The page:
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Ahmadinejad Spoke of Love And Unity – Why Is He Mocked?

By James Donahue

When Iranian President Mahmoud Ahmadinejad spoke to the United Nations General Assembly in New York last year he called for world unity between people of all creeds and religious faith. He gave almost the same message when he addressed the people over a British television station on Christmas Day.

Since then there has been much editorial commentary claiming hypocrisy on the part of Ahmadinejad. After all, this man has been accused of making anti-Semitic statements including saying the Holocaust story is nothing more than a myth.

Israeli leaders, who have laid claims that Iran is busy building a nuclear bomb and may become a threat to the stability of the Middle East and the world if the project isn’t stopped either politically or by force, labeled the message as “a sick and twisted irony.” They said this within hours of launching a massive air strike killing hundreds of Muslim men, women and children in the occupied region of Palestine.

The Israeli ambassador to Britain, Ron Prosor, said converts to Christianity in Iran “face the death penalty.” Is this true or merely another myth designed to turn sentiment against Iran?

Ahmadinejad went out of his way on the holiest holiday of the Christian and Jewish faiths to make this speech, sending congratulations to “the followers of Abrahamic faiths, especially the followers of Jesus Christ.” He said the problems throughout the world have been caused by  nations that fail to follow the teachings of the Prophets, including Jesus.

He said God created all humans “with the ability to reach the heights of perfection” and called for Muslims and Christians to work together to create a world of “love, brotherhood and justice” for mankind.

When we think about it, who would debate Ahmadinejad’s message? Who could even dispute his statement that Christ would not have approved the actions of the United States, which he described as “bullying, ill-tempered and expansionist powers” that brought about the unnecessary wars in Iraq and Afghanistan.

Indeed, the Israeli and U.S. leadership has gone out of its way throughout the years of the Bush Administration to demonize President Ahmadinejad, constantly accusing him and his government of building up a military and developing nuclear arms with an aim at becoming a powerful military force in the world.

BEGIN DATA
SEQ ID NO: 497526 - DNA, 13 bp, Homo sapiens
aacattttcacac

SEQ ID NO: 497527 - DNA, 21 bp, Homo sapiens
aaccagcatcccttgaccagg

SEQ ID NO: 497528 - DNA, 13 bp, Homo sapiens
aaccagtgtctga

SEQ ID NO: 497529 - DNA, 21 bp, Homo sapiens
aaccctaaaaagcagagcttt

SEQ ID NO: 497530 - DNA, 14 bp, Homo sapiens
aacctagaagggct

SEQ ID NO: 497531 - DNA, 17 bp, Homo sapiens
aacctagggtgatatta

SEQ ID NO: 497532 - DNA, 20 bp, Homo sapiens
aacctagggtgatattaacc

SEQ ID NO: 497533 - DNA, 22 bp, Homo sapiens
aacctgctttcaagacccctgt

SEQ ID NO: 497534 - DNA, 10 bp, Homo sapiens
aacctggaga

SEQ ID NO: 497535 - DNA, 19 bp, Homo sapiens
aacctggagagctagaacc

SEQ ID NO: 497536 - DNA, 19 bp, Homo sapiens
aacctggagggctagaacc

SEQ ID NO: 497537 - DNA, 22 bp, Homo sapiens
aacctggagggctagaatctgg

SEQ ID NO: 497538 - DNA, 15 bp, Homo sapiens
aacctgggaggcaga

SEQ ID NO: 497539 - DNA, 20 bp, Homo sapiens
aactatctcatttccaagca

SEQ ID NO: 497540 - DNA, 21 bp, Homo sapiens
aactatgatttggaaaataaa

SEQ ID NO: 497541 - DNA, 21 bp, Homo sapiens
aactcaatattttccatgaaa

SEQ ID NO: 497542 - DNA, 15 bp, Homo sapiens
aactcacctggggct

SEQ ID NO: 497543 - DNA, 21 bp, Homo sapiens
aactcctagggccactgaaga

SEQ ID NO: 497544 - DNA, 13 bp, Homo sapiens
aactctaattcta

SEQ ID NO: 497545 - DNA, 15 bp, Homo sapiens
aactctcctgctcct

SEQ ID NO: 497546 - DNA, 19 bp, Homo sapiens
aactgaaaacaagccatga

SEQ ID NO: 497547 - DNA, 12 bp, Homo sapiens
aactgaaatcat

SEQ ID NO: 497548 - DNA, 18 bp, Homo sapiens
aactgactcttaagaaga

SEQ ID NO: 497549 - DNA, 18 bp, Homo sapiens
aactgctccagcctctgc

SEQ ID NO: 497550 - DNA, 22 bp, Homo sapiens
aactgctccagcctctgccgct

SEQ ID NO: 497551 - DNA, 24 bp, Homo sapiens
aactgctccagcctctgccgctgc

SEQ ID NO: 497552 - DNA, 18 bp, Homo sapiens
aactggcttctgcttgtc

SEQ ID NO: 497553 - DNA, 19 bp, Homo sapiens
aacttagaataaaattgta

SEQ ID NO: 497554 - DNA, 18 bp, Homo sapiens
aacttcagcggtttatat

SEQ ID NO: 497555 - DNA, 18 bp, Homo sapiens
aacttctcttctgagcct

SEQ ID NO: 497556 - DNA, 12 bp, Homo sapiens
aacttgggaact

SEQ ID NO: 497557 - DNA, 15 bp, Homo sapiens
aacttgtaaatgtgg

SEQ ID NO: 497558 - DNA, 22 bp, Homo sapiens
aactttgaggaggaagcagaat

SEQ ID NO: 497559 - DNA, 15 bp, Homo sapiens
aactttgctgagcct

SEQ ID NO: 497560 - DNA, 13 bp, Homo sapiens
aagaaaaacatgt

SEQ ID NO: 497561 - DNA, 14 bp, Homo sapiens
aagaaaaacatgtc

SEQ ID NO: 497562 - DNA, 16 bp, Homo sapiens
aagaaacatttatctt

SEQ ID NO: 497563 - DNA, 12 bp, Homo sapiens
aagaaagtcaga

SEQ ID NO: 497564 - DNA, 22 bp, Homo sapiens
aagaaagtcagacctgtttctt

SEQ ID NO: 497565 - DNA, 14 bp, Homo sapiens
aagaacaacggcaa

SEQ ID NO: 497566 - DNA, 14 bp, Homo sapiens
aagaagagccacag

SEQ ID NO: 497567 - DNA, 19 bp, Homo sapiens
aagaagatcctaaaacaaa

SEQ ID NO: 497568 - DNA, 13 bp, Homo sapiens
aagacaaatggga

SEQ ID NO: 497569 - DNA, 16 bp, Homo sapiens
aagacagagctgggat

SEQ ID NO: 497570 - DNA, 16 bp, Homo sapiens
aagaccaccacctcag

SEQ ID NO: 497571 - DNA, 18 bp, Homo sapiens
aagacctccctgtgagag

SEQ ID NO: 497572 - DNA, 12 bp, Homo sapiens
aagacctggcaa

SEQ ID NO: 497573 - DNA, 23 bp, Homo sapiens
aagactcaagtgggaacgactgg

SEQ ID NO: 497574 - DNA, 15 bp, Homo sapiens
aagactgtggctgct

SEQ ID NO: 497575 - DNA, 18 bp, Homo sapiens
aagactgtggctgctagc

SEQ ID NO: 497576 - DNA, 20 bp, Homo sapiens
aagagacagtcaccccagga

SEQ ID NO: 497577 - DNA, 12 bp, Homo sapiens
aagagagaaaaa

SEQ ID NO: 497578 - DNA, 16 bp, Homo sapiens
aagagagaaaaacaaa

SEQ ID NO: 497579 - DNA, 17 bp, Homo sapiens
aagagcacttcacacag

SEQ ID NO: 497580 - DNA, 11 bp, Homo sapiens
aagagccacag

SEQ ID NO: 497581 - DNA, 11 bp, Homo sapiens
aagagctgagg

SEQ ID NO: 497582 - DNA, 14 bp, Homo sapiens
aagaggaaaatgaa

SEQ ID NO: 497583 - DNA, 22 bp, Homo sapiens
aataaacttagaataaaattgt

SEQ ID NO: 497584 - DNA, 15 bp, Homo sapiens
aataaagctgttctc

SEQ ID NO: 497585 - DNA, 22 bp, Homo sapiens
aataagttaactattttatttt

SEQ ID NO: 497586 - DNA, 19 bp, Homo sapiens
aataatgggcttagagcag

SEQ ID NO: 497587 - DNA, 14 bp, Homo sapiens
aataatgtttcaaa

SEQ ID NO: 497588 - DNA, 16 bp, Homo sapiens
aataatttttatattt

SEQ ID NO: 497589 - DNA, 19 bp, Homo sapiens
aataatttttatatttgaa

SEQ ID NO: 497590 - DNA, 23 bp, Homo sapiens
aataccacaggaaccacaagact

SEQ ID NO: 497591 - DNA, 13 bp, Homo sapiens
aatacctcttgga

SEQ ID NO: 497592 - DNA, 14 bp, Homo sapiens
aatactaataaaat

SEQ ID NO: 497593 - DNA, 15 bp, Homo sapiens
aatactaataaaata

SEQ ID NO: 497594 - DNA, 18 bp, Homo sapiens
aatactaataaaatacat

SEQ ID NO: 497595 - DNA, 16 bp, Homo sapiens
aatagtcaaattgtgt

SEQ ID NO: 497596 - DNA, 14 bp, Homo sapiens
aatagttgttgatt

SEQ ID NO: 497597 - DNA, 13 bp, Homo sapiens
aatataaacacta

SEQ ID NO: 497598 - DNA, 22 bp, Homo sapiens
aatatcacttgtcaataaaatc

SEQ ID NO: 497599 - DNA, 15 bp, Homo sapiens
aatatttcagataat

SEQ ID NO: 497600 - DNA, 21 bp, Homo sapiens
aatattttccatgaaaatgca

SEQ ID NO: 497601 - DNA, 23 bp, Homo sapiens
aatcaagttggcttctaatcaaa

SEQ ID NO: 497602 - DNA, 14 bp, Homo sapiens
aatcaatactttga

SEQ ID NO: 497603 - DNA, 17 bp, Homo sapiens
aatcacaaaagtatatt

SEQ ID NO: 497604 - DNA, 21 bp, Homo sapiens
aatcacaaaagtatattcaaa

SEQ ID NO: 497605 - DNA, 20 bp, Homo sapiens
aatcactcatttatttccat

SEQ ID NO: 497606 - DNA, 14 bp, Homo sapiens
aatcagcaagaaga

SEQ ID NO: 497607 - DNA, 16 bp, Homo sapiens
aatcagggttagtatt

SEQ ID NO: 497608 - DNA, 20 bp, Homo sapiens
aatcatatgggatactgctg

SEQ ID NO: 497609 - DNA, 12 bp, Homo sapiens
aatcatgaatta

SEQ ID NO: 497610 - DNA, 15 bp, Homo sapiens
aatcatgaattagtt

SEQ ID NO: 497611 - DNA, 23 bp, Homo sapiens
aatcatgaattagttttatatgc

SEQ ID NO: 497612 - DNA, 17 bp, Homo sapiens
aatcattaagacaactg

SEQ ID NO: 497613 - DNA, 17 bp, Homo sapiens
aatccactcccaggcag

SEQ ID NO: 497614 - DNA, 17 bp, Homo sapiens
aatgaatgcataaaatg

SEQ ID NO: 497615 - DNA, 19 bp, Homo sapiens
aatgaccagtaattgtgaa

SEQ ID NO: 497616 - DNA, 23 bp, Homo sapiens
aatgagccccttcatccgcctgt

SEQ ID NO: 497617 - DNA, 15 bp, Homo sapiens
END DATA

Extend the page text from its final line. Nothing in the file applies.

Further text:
While the United States has had a history of trouble with Iran, beginning with the overthrow of the Shaw by a radical Muslim group lead by the late Ayatollah Khomeini and the capture of 370 American workers in the U.S. Embassy in 1977. Even though all of the Americans were released unharmed, the sentiment was so strong that when Iraq’s Saddam Hussein went to war against Iran, the U.S. helped arm the Iraqi forces.

But that was then and this is now. Iran is, indeed, growing to be a powerful influence in the Middle East. Iran also has discovered new rich deposits of oil under its desert lands that could help supply the needs of the world for years. Thus that country has attracted the attention of both Russia and China, two large nations that are as interested in securing a tap on that oil supply as the United States should be.

So when President Ahmadinejad calls for peace and world unity, why should be not greet his message with a sense of gratitude and hope? Why should be trust the accusations by the same people that lied to us about Saddam Hussein’s so-called hidden weapons of mass destruction? These were the same people that took us to war in Afghanistan to capture Osama bin Laden, the so-called master mind of the 9-11 attacks on American soil. But we never captured bin Laden. And we now appear to be locked in the grip of a prolonged war in Afghanistan that cannot be won.

What is the truth about these matters? Why should we think President Ahmadinejad is a bad man who cannot be trusted? We think President-elect Barack Obama may be right when he offers to open dialogue with a world leader like Ahmadinejad and find out just what makes him tick. When the truth is known, we might all be pleasantly surprised.